AirAsia flight from Indonesia with 162 goes missing
29 December 2014
An AirAsia Airbus A320-200 aircraft with 162 people on board went missing yesterday on its way from the Indonesian city of Surabaya to Singapore, making it the third major air disaster in the region during the year.
The Indonesia AirAsia flight QZ8501 flying from Surabaya, the capital of East Java province to Singapore, lost contact with Jakarta air traffic control at 0724 hours local time (IST 0854 hours) yesterday, AirAsia said in a statement.
The flight took off from Juanda international airport in Surabaya at 0635 hours and was scheduled to arrive in Singapore in about two hours.
The plane was over Java sea, between port of Tanjung Padan on the Balitung island and the town of Pontianak in West Kalimantan on Borneo Island, when it went missing, about midway between the origin and its destination, Djoko Murjatmodjo, Indonesia's acting director general of transportation said.
Before it went missing, the pilots of the airplane have asked to deviate from the usual route due to bad weather, but there was no distress signal from the plane, the official said.
"The aircraft was on the submitted flight plan route and was requesting deviation due to en route weather before communication with the aircraft was lost," AirAsia said in a statement.
The plane was asked to fly at 38,000 feet from 32,000 feet to avoid clouds, according to the official.
The pilot and the first officer of the airplane were well experienced, AirAsia said.
The aircraft carried 155 passengers and seven crew members, according to Indonesia AirAsia - 156 were Indonesians, three were South Koreans and there were one each from Malaysia, France and the UK.
Relatives of the people on board gathered at both Surabaya and Singapore following the news eagerly awaiting further information.
Search and rescue operations are spearheaded by Indonesia's national search and rescue agency. The operations which were called off later in the evening due to bad weather and lack of light, resumed this morning.
Singapore, Malaysia and Australia have offered to help in search. Malaysia said it was sending vessels and a C130 aircraft while Singapore had also sent a C130 and more planes and ships are on standby, officials said.
India has put on standby three ships and a maritime surveillance aircraft for assistance in the search. Indian Navy sources said one ship in Bay of Bengal and another two in Andaman Sea have been put on standby. Along with these, a P-8I aircraft has also been put on standby.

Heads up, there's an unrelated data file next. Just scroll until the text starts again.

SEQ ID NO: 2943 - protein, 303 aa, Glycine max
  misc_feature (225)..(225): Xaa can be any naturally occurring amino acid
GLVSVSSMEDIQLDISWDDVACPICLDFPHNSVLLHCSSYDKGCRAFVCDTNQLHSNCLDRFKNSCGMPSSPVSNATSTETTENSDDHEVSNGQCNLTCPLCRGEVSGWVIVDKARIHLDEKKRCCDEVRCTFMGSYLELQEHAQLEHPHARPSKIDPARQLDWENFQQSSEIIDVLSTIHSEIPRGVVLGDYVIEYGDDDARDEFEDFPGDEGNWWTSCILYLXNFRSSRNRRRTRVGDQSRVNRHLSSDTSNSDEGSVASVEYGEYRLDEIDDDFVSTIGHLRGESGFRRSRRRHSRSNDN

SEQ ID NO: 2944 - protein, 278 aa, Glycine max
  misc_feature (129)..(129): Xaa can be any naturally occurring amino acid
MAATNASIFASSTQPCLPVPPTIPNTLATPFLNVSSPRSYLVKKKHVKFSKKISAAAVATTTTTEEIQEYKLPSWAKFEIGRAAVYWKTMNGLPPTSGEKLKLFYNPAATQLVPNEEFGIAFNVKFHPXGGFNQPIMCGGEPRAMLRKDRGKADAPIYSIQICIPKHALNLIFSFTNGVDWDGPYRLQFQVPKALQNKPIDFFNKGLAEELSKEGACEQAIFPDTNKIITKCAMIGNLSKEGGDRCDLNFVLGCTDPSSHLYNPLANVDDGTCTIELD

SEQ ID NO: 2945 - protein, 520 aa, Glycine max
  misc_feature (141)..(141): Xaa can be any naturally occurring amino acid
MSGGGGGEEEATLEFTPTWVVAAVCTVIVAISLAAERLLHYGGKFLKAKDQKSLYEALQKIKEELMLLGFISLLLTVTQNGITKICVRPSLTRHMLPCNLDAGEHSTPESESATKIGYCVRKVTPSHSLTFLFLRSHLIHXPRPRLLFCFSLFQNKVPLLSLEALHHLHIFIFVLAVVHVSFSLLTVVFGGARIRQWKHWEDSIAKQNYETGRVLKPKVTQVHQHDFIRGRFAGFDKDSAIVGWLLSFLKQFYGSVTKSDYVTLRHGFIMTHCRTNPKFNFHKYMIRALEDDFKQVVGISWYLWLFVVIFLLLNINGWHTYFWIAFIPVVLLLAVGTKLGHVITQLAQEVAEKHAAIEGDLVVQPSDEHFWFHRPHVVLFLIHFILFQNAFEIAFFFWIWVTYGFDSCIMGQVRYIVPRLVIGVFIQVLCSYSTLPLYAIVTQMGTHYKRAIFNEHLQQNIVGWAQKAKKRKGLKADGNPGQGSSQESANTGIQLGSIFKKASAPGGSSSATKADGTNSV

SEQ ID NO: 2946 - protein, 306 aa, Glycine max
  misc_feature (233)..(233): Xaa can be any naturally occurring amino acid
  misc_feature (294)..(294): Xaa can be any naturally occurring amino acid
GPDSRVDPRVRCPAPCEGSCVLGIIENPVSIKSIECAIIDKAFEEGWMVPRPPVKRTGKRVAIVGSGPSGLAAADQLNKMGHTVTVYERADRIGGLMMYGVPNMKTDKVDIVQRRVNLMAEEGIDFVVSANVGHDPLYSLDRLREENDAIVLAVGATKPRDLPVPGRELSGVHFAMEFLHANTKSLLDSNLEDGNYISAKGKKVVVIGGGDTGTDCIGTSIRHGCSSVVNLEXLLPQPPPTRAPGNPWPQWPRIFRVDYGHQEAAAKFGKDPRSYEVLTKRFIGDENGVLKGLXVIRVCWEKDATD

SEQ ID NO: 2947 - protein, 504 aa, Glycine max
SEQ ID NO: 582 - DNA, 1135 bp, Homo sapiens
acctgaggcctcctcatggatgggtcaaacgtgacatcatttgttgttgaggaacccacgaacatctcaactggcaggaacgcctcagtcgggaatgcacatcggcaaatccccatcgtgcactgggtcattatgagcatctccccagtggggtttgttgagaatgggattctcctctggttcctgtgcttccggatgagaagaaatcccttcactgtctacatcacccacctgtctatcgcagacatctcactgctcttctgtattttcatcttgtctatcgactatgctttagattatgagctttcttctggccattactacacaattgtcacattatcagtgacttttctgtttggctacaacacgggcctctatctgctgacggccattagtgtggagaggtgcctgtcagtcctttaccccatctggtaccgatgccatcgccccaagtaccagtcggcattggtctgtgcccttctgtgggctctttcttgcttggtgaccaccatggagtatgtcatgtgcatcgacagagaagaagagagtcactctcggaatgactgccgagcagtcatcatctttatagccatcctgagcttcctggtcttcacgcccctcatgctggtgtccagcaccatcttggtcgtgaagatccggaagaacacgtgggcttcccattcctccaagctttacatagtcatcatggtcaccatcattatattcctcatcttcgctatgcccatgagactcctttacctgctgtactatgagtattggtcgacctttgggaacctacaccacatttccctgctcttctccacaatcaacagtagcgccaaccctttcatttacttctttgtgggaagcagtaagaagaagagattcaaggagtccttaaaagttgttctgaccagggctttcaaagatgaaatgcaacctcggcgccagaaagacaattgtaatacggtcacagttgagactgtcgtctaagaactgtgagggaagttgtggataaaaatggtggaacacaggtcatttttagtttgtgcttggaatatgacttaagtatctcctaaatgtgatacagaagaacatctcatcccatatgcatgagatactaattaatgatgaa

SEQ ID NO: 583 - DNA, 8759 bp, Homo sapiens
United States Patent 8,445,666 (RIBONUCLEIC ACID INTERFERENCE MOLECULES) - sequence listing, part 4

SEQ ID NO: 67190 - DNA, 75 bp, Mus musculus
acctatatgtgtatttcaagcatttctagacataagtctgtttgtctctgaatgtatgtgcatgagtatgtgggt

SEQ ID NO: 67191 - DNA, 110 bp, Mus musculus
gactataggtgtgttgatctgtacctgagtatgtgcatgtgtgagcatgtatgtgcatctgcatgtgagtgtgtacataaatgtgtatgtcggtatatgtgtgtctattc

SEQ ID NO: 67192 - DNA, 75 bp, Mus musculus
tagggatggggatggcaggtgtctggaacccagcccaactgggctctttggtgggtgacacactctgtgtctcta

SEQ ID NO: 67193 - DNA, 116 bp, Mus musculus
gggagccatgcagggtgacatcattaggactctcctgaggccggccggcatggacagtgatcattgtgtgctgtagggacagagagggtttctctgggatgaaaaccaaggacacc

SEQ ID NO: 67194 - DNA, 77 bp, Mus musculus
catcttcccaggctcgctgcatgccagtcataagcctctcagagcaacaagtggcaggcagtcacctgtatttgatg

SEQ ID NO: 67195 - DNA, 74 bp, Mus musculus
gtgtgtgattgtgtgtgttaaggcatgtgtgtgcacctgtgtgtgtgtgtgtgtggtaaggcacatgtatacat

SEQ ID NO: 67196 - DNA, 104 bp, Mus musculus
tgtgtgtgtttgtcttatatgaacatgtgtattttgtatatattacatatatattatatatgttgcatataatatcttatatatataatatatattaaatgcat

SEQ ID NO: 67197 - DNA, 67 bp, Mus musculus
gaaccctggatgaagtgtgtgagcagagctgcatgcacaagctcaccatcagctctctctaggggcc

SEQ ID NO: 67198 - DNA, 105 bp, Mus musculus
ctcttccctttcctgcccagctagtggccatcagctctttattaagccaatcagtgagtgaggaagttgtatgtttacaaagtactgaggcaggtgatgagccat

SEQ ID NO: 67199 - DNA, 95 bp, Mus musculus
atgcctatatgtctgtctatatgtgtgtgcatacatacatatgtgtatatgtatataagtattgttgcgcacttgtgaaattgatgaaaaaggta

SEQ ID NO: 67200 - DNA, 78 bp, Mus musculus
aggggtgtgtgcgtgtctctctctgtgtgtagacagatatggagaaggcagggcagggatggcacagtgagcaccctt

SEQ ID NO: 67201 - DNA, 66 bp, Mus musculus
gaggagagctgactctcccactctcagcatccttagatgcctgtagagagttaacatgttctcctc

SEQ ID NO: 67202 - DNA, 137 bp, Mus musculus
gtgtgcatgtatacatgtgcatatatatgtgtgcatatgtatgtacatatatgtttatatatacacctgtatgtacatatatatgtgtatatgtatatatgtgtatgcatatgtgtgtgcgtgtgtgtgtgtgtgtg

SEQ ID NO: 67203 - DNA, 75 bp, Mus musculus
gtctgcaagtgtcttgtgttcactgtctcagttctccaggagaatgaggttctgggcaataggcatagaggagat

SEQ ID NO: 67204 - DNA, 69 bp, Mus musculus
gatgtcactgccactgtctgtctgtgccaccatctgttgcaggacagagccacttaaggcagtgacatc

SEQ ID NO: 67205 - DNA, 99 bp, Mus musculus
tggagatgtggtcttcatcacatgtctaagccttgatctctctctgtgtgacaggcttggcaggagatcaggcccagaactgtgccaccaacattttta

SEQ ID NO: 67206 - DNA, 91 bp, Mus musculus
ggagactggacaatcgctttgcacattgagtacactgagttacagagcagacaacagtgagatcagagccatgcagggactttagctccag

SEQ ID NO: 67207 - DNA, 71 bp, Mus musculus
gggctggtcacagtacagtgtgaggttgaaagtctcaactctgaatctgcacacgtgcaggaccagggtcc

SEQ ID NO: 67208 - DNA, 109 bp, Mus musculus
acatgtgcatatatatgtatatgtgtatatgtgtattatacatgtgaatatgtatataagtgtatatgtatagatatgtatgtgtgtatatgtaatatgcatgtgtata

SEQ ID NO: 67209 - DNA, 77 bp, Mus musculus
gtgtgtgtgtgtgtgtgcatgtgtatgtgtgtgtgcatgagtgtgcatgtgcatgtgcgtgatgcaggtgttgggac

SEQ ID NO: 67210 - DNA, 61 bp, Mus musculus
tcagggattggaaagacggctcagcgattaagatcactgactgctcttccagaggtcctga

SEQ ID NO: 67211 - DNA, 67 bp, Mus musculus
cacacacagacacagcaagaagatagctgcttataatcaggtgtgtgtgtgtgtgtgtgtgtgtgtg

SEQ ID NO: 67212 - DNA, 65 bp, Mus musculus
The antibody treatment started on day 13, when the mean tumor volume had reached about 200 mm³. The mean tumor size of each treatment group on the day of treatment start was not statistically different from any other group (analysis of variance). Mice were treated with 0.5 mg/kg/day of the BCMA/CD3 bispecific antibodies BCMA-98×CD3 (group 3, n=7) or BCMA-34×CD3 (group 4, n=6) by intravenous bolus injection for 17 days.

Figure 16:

Searchers currently suspect that the disappeared airplane is on the bottom of the ocean.
"We currently suspect that plane is located on the ocean floor," Bambang Soelistyo, the head of the rescue agency said.
If the plane is found on the ocean floor, there would be a challenge in getting the plane to the surface because they do not have the "submersible" equipment, Soelistyo said.
The plane's emergency locator transmitter should function automatically and send warning signals, but no signal has been detected by control centers in Indonesia or in neighboring countries, he said.
Jakarta-based Indonesia AirAsia is a low-cost airline and is an affiliate of Malaysian carrier AirAsia, which owns a 49-per cent stake in the airline.
It operates an all-Airbus fleet of 30 A320s on domestic and international routes. The missing plane was just over 6 years of age.
The AirAsia group, including its associates in Thailand, the Philippines and India, has a good safety record since its Malaysian budget operations began in 2002.
AirAsia chief Tony Fernandez and Indonesia AirAsia management team have reportedly reached Surabaya.
"My only thoughts are with the passengers and my crew. We put our hope in the search and rescue operation and thank the Indonesia, Singapore and Malaysian governments," Fernandez said on Twitter.
AirAsia Indonesia has replaced its bright red logo with a grey version on its social media platforms in the wake of news.
The mishap comes at the end of a disastrous year for the region's airlines. Malaysian Airlines lost two aircraft earlier this year.
On 8 March, flight MH370, a Boeing 777 flying from Kuala Lumpur to Beijing with 239 people went missing and has still not been traced.
On 17 July, flight MH17, also a Boeing 777 from Amsterdam to Kuala Lumpur, was shot down above Ukraine killing all 298 people on board.